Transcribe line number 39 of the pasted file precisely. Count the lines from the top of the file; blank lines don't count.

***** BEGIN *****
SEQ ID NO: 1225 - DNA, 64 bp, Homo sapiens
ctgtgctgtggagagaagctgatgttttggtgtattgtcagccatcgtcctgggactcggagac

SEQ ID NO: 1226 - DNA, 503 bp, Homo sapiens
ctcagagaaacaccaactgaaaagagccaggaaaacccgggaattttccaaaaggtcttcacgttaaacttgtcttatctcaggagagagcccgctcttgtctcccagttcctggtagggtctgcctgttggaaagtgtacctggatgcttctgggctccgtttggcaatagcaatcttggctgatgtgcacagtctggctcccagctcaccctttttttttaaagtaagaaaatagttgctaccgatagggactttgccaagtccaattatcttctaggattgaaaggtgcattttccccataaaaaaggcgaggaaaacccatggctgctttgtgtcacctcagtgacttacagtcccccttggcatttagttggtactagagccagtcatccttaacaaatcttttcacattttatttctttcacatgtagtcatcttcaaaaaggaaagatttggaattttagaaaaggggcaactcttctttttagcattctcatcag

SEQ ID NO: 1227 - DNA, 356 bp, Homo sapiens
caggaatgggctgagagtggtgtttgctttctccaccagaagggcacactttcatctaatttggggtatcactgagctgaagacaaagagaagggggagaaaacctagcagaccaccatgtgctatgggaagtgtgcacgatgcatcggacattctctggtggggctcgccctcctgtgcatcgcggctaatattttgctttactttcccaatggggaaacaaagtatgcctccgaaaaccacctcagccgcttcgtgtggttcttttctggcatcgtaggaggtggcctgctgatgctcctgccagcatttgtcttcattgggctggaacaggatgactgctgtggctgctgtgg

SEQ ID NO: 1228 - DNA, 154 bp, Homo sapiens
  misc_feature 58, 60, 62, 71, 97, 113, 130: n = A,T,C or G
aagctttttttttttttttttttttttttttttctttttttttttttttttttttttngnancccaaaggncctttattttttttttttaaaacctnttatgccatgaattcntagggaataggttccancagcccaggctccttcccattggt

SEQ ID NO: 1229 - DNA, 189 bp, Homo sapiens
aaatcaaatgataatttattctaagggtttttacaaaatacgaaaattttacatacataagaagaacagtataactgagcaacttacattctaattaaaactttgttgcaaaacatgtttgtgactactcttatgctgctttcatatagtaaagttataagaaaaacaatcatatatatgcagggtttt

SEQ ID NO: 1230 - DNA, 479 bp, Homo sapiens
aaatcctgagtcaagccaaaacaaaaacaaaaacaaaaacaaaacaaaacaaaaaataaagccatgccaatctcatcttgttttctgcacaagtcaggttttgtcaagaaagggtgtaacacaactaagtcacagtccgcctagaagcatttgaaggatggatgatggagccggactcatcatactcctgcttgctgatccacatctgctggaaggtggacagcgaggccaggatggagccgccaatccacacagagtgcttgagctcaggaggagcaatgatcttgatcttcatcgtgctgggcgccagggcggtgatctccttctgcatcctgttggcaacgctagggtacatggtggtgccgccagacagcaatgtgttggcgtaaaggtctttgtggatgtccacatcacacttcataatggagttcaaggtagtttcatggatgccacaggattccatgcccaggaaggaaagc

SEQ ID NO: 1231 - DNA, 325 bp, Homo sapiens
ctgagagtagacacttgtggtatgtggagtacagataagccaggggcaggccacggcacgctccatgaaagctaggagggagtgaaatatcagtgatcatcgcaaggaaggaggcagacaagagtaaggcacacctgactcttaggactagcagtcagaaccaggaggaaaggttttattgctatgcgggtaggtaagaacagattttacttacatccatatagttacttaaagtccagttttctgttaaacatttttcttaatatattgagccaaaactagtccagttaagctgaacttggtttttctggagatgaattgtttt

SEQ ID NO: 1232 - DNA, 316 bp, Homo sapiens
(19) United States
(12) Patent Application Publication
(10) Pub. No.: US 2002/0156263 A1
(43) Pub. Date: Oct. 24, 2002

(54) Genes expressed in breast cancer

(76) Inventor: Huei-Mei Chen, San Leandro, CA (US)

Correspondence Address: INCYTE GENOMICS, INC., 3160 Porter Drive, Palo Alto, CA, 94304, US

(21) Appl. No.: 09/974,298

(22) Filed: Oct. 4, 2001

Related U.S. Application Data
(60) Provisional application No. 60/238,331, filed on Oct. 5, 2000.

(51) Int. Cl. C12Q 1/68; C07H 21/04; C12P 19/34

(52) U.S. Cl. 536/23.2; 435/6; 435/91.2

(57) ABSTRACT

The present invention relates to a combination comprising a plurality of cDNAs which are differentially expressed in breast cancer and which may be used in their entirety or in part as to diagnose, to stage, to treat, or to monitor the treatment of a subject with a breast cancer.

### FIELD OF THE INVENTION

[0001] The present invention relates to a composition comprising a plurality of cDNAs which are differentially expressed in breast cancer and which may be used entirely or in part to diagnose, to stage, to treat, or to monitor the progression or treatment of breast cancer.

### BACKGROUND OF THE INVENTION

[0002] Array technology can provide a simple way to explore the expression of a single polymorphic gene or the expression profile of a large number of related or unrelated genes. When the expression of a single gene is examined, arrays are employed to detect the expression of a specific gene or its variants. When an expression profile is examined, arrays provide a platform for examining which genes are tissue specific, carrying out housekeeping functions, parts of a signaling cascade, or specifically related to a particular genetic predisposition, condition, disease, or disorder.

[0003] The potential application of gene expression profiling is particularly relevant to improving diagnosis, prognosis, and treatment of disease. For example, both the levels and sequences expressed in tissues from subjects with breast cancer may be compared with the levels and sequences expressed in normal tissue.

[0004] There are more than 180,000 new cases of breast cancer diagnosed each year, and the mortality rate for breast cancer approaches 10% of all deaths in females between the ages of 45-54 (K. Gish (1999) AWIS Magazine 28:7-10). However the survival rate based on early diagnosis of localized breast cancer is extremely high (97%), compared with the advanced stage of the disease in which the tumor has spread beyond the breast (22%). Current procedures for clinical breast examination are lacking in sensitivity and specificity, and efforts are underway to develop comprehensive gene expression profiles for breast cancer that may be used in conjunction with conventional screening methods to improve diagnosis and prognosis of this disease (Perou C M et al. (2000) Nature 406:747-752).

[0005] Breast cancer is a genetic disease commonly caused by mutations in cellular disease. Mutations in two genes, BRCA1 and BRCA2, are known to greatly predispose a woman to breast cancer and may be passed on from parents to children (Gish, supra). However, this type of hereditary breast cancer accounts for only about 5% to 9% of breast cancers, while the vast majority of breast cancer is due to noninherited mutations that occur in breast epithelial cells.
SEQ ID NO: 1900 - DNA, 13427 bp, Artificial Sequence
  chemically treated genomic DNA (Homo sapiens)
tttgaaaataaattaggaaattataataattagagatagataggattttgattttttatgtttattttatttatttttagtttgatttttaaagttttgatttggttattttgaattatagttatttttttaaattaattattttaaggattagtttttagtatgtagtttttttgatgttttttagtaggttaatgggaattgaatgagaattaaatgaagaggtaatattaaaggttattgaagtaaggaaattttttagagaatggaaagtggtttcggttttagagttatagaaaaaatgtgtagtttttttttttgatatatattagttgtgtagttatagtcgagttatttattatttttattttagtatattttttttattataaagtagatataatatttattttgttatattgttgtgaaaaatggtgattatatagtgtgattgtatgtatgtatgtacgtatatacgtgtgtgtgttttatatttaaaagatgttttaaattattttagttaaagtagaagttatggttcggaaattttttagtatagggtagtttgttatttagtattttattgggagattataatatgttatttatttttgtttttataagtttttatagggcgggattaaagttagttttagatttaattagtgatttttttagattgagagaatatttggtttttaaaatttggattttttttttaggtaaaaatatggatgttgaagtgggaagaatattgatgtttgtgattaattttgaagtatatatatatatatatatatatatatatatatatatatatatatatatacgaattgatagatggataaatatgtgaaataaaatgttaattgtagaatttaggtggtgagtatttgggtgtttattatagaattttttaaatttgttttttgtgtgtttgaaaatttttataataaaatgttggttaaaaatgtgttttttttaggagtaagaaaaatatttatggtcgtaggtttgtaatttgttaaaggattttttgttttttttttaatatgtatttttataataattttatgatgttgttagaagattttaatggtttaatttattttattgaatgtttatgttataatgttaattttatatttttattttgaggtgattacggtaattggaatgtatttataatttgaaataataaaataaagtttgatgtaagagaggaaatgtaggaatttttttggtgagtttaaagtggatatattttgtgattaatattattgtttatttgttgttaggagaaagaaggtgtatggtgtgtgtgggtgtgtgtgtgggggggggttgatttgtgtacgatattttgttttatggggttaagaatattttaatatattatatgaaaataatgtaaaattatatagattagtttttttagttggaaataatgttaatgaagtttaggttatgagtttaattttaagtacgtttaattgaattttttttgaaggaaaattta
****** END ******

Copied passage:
SEQ ID NO: 1900 - DNA, 13427 bp, Artificial Sequence